COLUMBIA — Dean R. Lawrence Dessem attempted to calm dozens of frustrated law students at a quickly called meeting Thursday afternoon at the MU School of Law.
Concerns began building after the 2011 Best Graduate School rankings from US News & World Report were leaked to law students Wednesday. The 2010 report ranked the MU Law School at 65; this year, the school has dropped to 93.
Dessem sent an e-mail to the students Wednesday evening after learning of the leaked rankings. The message was forwarded to faculty on Thursday morning.
Jonathan Hutcheson, who is getting a dual-degree in journalism and law, had prepared for the meeting and came with papers and charts in hand. Addressing Dessem, who was the only administrator to speak at the meeting, Hutcheson raised several concerns, including what the law school will do to help students get jobs.
Hutcheson said there is a widespread perception that the school's career services department is not helpful and that it hurts job placement. He thinks the school's perception will be nearly impossible to overcome *without drastic change. At this point, Hutcheson said, he has seen more job opportunities coming from the journalism side of his degrees than the law side.
"My concern is that the perceived value of my law degree is dropping like a rock," Hutcheson said after the meeting.
Hutcheson, who has been in the Law School since the fall of 2006, said he was one of many students nationwide to use ranking reports as a way to help him decide which graduate school to attend. He said the rankings are a measurement people use and take seriously, whether the rankings are completely accurate or not.
"There doesn't seem to be much of a sense of urgency or direction on concerns — concerns that are not new," he said.
Tracy Gonzalez, assistant dean for admissions, has headed the career services department for the past year and a half. She attended the meeting and wasn't surprised at the concerns but still found them hard to hear. Career services puts together about 26 programs in an academic year; however, student attendance is often low, she said.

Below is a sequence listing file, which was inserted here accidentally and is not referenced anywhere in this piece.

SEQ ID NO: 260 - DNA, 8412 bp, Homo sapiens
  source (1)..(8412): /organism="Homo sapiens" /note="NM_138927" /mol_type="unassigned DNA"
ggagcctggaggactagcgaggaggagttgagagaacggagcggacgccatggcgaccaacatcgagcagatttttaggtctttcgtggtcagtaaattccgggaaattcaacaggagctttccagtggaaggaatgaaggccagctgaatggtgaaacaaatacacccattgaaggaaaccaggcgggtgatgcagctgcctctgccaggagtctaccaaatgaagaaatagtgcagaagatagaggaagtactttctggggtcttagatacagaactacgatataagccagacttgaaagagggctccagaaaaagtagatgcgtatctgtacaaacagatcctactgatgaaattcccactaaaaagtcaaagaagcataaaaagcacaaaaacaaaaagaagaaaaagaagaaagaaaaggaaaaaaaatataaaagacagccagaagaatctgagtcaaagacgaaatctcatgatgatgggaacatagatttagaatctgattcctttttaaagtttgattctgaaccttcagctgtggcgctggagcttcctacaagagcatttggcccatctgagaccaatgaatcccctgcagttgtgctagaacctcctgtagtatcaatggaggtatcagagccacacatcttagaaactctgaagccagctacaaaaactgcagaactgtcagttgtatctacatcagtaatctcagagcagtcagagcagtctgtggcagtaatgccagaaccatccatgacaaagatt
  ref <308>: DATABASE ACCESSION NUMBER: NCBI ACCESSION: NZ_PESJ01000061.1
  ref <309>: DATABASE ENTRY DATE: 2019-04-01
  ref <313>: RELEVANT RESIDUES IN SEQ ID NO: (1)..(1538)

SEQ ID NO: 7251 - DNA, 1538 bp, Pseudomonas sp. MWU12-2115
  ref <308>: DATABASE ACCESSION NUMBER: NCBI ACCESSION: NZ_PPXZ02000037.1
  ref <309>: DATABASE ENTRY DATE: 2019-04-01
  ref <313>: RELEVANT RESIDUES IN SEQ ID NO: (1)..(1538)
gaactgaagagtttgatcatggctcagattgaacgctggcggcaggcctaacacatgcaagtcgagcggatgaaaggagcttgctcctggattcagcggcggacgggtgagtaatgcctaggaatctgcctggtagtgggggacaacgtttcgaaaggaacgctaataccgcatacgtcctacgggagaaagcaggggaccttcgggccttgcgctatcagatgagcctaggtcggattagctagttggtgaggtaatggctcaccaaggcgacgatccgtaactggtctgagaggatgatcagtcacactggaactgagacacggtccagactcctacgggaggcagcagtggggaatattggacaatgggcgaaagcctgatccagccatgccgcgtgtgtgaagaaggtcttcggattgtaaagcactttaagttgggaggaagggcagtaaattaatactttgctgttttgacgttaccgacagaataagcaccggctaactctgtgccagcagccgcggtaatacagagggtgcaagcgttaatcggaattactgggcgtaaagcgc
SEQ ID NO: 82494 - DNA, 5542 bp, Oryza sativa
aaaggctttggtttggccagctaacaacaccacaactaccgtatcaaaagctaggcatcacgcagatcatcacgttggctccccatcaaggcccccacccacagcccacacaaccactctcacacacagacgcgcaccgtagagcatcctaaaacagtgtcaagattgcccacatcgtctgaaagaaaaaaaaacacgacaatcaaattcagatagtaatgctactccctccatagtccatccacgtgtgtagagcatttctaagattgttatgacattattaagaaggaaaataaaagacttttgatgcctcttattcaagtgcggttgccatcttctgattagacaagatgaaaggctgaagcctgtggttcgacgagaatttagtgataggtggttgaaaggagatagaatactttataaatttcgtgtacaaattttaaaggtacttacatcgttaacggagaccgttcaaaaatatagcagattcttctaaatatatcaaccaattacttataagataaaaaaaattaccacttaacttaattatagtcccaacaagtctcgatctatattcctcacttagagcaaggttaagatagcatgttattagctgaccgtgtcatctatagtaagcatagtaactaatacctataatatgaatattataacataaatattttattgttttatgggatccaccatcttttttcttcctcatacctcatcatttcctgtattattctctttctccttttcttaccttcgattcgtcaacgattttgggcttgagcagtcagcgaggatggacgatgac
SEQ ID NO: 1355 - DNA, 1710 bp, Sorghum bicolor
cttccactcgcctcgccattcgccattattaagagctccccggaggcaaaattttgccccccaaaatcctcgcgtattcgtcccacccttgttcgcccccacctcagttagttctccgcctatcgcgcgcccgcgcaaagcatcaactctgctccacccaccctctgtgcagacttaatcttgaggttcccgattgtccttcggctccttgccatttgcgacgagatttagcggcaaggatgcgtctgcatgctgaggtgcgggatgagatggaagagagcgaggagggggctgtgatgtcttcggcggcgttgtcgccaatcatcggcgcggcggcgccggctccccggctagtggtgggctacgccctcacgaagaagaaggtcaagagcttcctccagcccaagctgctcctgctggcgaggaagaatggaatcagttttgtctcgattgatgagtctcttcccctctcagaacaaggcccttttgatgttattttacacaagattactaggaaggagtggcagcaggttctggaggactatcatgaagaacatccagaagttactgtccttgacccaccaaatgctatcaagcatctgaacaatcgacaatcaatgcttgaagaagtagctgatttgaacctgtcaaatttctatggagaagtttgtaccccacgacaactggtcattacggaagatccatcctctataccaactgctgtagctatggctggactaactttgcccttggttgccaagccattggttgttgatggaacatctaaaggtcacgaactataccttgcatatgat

"We can't force them to attend," Gonzalez said. "I just want them to know how much we personally care about their future, and it was disheartening to hear that they don't think we do."
Gonzalez said the department will continue to provide communication pipelines to firms big and small, giving more students employment opportunities.
The US News graduate school rankings are based overall on expert opinions about the quality of the graduate program and statistical evidence from faculty, students and research. More than 1,200 programs and 12,400 experts were surveyed to gather this year's data.
According to the magazine's Web site, the law school ranking methodology is based on a weighted average of 12 factors in four categories: quality assessment, selectivity, placement success and faculty resources. After the factors are weighted, the top school is given a score of 100, after which the rest of the scores are calculated as a percentage of that. The rankings derive from the scores, but sometimes programs tie.
A program's reputation, which is based on expert surveys, accounts for 40 percent of the score. Although placement success is only 20 percent of the score, the refrain at the meeting was that it is a significant weakness for MU, and students worry the slide will continue.
Dessem said both before and during the meeting that the magazine's ranking should not cause alarm. The report measures things that can be counted but doesn't measure quality of teaching, programs and other categories that cannot be quantified, he said. MU's score dropped only six points, he said, but when that tied with other schools, it translated into a drop of nearly 30 positions.
Dessem used bar passage percentages as an example of flawed data. In Missouri, 90.4 percent of people who take the bar exam pass it — data used for this latest ranking. Ninety-five percent of MU Law School students passed the exam, which meant they beat the state figure by five percent. This can skew results compared to schools with lower state passage rates, he said.
"I think it's a gimmick to sell magazines by masquerading a social science," Dessem said. "I would question any purportedly scientific study where a school could go up or down 20 or 30 places in a year."
He plans to address student concerns by continuing to hire quality teachers, improving the career services program, getting students out to firms earlier and increasing internship opportunities.
"We won't be satisfied until 100 percent of our students have jobs," he said. "We've got to work together on that."
"I think we get lost debunking the methodology of the rankings," said professor Philip Harter. "Even if the report is a total mistake, and we return to number 65, I still think we need to address the issues brought up."
Brianna Lennon, a law student who is also working toward a doctorate in public policy, said she has researched how the rankings are calculated. Lennon said she isn't concerned about her future or the future of those currently enrolled, but she did predict recruitment will be hurt.
Lennon said she also had a problem with the methodology, especially employment numbers. Because schools self-report employment numbers, they can report whatever they want, she said.
Larry McMullen, a 1959 graduate who works in Kansas City, said his initial reaction was that it's a flawed report.
"I know this law school well. I know the quality of the teaching and the quality of the professors," McMullen said. "It's bogus to say that this law school is in 93rd place. It's as good as any law school in the nation with regard to the quality of the education provided."
McMullen said he has never paid much attention to the ranking and thinks it will not hurt MU graduates in getting jobs in the Midwest.
"If I could talk to MU law students," he said, "I would tell them they don't need to be concerned about it."